1. "This Is My Work and My Glory" | BYU Studies

1. "This Is My Work and My Glory"

Knowledge of God's work and glory was revealed through the Prophet Joseph Smith as he studied, translated, and amended the Bible. This knowledge tells us about God, that he is interested in humans, and about people, that they are worthy of his love.

Moses' Encounter with God and Satan

"'Where Is Thy Glory?' Moses 1, the Nature of Truth, and the Plan of Salvation," Dan Belnap, Religious Educator (2009)

Examines what Moses learned from his encounters with God and Satan. By affirming that Moses is His son, God acknowledges Moses' faithfulness and status as an heir. Satan's attack was meant to terrify him in the hope that he would abandon his attempt to engage with God. Fear is one of Satan's most powerful tools.

Study of the Book of Moses

"A Prologue to Genesis: Moses 1 in Light of Jewish Traditions," E. Douglas Clark, BYU Studies, Vol. 45, no. 1

The book of Moses has a parallel in Jubilees 1, an extracanonical ancient text; both have a prologue providing the setting for the subsequent divine revelation about the creation. Other ancient Jewish sources parallel aspects of the book of Moses: Moses' theophany as an ascension, his transfiguration, the timing of the theophany, a confrontation of Satan, a visions of worlds without number.

"Worlds without Number: The Astronomy of Enoch, Abraham, and Moses," R. Grant Athay, BYU Studies Vol. 8, no. 3 (1968).

Imagine Moses' awe at the startling revelation of other worlds and their eventual deaths. Moses knew the stars; it's likely that common folk of ancient days knew more astronomy than the average educated person today. This article discusses the cycles of moons, eclipses, conditions for life on other planets, and quasars.

"Moses 1," Kent P. Jackson, in The Book of Moses and the Joseph Smith Translation Manuscripts (2005)

The original text of the Book of Moses from the Joseph Smith Translation, the manuscript named Old Testament 2 (OT2).

"Changes in the Book of Moses and Their Implications upon a Concept of Revelation," James R. Harris, BYU Studies Vol. 8, no. 4 (1968)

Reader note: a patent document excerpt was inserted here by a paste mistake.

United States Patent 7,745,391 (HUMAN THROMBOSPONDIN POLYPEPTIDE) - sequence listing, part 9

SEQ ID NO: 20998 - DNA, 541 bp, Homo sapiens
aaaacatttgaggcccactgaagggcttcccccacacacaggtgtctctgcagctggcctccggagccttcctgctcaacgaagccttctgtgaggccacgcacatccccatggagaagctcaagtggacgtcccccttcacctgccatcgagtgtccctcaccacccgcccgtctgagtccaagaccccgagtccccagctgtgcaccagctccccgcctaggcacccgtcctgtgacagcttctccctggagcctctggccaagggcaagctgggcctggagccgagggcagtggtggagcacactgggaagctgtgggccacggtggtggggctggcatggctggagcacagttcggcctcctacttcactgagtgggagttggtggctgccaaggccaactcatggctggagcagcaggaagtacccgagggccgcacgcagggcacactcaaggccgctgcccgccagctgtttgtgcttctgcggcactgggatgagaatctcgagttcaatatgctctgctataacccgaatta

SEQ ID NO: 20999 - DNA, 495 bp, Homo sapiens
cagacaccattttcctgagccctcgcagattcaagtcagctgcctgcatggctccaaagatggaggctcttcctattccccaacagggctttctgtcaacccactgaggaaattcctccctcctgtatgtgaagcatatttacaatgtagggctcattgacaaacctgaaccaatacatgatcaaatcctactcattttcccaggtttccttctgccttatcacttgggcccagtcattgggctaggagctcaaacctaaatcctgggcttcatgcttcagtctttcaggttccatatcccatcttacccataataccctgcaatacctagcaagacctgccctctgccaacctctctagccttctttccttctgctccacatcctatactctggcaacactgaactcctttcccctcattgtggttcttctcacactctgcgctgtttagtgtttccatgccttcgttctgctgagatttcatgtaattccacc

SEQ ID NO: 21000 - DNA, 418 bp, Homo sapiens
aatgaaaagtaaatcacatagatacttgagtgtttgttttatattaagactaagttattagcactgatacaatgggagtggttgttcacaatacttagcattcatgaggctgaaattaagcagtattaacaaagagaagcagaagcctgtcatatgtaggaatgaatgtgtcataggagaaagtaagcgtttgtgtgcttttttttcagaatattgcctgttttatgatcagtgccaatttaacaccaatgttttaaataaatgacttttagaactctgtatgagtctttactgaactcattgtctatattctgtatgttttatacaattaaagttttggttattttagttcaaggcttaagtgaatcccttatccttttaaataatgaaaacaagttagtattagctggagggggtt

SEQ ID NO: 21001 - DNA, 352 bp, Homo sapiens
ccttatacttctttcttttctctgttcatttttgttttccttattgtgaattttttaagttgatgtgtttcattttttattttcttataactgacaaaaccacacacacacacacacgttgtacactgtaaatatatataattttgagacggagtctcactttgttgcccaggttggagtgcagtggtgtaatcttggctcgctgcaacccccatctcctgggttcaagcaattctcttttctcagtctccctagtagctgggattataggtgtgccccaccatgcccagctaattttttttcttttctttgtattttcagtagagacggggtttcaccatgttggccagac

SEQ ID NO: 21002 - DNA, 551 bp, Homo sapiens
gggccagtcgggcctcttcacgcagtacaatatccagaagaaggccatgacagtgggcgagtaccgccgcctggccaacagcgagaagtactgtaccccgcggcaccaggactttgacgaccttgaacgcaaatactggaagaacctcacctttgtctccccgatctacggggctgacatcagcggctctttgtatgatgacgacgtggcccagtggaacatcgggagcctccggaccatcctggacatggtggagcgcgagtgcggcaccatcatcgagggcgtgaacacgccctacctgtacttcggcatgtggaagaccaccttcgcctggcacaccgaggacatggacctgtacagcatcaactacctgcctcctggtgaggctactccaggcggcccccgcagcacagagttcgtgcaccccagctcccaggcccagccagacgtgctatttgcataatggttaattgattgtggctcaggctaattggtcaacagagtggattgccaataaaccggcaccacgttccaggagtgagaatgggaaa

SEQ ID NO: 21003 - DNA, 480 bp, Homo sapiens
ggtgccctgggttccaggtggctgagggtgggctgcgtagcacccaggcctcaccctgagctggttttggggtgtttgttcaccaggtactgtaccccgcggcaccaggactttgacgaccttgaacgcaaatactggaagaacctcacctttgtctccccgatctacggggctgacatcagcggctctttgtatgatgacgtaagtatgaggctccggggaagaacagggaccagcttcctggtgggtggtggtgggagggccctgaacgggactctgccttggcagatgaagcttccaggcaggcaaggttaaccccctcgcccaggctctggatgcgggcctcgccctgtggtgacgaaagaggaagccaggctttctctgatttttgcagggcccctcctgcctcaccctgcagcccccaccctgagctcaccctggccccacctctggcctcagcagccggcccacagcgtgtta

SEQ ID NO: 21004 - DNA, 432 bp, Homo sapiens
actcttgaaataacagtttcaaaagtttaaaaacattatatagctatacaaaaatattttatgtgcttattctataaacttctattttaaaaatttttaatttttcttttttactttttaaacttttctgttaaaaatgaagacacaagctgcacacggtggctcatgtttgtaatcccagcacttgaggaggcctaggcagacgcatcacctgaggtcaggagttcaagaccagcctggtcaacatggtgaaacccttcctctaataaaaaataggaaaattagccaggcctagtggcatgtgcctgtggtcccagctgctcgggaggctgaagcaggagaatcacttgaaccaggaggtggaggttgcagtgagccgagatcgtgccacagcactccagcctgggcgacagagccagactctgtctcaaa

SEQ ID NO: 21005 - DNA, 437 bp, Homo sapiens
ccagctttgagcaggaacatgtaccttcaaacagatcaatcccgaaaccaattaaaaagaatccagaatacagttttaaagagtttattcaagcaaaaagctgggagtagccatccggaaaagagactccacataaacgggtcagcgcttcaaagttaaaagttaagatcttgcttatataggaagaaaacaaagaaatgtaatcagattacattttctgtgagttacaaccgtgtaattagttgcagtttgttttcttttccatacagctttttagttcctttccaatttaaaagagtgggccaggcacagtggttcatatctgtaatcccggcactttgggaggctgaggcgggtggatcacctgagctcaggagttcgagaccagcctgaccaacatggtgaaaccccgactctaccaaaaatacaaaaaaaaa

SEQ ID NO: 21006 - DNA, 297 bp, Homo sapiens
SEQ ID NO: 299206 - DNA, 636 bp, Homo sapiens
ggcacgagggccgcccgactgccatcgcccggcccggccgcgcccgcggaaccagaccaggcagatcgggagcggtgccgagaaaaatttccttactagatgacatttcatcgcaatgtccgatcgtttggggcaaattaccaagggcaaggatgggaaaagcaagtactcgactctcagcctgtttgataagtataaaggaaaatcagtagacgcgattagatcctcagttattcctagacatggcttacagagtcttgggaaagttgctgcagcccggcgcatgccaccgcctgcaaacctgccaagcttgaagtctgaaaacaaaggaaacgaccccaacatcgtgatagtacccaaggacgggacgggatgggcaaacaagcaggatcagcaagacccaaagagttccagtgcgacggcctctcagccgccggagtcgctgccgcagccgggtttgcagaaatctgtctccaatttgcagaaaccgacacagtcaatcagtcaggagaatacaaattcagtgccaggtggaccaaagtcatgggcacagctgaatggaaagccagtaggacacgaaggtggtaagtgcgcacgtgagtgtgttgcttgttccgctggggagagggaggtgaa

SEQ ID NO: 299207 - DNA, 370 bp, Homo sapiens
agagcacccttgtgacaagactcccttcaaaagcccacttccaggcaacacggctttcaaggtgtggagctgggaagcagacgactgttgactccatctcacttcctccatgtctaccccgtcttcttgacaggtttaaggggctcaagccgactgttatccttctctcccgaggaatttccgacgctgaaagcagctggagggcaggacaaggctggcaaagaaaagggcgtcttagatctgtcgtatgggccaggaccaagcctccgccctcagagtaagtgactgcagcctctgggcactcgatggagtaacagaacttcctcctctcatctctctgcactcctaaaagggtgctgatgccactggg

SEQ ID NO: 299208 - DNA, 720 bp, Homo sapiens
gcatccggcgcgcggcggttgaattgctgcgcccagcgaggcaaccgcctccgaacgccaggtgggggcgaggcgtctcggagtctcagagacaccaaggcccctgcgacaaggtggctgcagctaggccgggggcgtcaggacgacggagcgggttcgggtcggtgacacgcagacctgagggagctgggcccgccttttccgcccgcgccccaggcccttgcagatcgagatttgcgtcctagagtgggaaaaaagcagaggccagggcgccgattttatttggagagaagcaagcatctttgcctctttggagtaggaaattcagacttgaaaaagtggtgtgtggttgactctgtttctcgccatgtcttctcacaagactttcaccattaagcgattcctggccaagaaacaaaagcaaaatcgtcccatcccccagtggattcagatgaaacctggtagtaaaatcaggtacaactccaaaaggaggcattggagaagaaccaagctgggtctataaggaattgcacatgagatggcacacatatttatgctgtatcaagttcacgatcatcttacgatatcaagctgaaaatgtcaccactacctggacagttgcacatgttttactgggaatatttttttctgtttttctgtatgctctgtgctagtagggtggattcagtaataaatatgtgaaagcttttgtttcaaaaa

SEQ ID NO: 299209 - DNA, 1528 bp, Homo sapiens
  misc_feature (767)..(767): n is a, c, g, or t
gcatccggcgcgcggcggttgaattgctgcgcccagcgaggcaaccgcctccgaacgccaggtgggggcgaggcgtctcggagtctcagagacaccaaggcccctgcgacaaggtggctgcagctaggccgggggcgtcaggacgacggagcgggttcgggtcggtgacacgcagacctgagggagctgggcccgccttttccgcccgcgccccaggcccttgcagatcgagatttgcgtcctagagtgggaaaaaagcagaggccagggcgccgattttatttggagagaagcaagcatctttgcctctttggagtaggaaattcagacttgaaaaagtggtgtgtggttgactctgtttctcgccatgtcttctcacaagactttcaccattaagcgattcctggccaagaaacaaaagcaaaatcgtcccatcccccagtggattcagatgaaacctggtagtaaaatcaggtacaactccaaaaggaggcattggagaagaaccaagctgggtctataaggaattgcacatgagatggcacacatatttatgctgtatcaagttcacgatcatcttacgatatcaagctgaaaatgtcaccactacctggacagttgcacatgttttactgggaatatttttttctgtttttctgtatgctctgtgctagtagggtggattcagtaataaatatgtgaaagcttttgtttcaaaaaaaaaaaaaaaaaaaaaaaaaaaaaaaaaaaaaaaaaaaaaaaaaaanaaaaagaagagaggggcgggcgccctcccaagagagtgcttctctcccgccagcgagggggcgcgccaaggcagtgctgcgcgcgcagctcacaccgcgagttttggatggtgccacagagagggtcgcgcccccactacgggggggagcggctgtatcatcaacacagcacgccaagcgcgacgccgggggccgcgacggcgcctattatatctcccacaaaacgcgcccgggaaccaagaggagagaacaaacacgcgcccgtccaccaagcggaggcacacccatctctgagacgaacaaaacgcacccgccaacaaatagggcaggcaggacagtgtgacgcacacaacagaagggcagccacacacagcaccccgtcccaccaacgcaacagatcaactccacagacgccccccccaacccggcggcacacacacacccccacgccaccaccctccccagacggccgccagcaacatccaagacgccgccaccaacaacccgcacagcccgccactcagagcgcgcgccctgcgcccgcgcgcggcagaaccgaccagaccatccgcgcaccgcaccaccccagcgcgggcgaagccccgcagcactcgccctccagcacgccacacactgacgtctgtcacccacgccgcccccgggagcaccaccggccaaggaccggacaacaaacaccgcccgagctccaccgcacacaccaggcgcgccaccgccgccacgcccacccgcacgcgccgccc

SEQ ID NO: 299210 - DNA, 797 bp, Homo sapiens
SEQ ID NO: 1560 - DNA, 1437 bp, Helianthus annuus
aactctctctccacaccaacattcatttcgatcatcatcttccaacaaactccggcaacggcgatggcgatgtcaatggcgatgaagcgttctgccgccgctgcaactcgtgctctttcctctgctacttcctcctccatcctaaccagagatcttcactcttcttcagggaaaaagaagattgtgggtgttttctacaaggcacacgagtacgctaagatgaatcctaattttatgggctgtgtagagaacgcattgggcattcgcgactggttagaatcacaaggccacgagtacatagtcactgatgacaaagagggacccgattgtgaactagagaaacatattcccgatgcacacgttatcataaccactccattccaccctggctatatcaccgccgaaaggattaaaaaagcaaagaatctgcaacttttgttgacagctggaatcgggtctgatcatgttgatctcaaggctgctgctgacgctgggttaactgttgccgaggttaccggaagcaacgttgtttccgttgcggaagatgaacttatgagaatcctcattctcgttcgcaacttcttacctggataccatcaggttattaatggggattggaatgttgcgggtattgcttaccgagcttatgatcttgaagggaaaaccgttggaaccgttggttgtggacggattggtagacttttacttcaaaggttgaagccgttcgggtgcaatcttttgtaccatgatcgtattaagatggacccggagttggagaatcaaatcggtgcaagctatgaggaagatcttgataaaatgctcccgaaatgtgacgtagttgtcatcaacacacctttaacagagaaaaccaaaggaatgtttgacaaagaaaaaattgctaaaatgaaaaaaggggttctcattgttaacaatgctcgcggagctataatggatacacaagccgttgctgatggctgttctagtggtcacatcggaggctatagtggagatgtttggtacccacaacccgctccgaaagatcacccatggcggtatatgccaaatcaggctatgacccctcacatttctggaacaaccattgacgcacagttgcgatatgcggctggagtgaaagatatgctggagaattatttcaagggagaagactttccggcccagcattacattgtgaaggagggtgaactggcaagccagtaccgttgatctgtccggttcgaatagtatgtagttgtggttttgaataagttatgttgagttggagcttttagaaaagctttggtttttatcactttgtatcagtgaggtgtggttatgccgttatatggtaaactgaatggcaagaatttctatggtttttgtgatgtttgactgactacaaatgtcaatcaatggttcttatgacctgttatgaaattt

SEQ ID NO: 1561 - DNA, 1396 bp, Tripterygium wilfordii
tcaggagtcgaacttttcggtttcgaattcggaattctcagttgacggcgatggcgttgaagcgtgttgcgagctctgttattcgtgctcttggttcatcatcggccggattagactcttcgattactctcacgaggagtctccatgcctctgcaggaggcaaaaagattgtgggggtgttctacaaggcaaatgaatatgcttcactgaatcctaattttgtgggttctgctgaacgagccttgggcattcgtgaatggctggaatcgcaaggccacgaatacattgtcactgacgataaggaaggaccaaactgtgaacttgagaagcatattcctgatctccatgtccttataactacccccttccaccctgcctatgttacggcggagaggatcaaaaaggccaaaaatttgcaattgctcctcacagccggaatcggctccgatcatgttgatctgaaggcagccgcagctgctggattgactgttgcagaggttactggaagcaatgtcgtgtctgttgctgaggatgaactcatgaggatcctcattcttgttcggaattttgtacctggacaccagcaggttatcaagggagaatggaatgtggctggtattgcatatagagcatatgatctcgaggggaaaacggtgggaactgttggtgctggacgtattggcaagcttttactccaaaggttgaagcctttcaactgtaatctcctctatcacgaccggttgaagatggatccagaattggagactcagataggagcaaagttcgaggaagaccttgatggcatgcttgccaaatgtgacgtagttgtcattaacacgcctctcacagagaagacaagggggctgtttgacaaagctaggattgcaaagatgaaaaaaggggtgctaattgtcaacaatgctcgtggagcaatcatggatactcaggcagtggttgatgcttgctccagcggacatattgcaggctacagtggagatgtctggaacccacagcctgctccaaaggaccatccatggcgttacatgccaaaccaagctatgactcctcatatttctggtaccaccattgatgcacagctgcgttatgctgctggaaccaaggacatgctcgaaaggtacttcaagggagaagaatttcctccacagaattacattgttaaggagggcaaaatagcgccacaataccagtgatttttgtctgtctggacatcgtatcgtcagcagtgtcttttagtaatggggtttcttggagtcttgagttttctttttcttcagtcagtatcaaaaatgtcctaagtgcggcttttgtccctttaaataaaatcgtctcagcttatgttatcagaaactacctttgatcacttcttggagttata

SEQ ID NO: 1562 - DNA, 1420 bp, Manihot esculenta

Chapter 1 of the book of Moses can be regarded as an extensive restoration of material that can be accepted without qualification. Chapters 2 and 3 contain very modest corrections, and it is obvious that a more extensive change should have been made. A comparison of Moses 2 with Abraham 4 and the Masoretic (Hebrew) text of Genesis will help justify this point. This article compares the various texts of the book of Moses and tells the history of early publications of the text.

"How We Got the Book of Moses," Kent P. Jackson, Religious Educator (2002)

The book of Moses is an extract from Joseph Smith's New Translation of the Bible. It was revealed to the Prophet in 1830 and in early 1831, not long after the organization of the Church. This article is a brief introduction to the origin of the book of Moses and the Bible translation from which it derives.

 

Additional resources:

The book (in 2 vols.) In God's Image and Likeness: Ancient and Modern Perspectives on the Book of Moses, Jeffrey M. Bradshaw and David J. Larsen, is an exhaustive study of the book of Moses, providing commentary along with quotations from the works of from LDS leaders, scholars, and artists. Eric Eliason reviewed this book for BYU Studies Quarterly.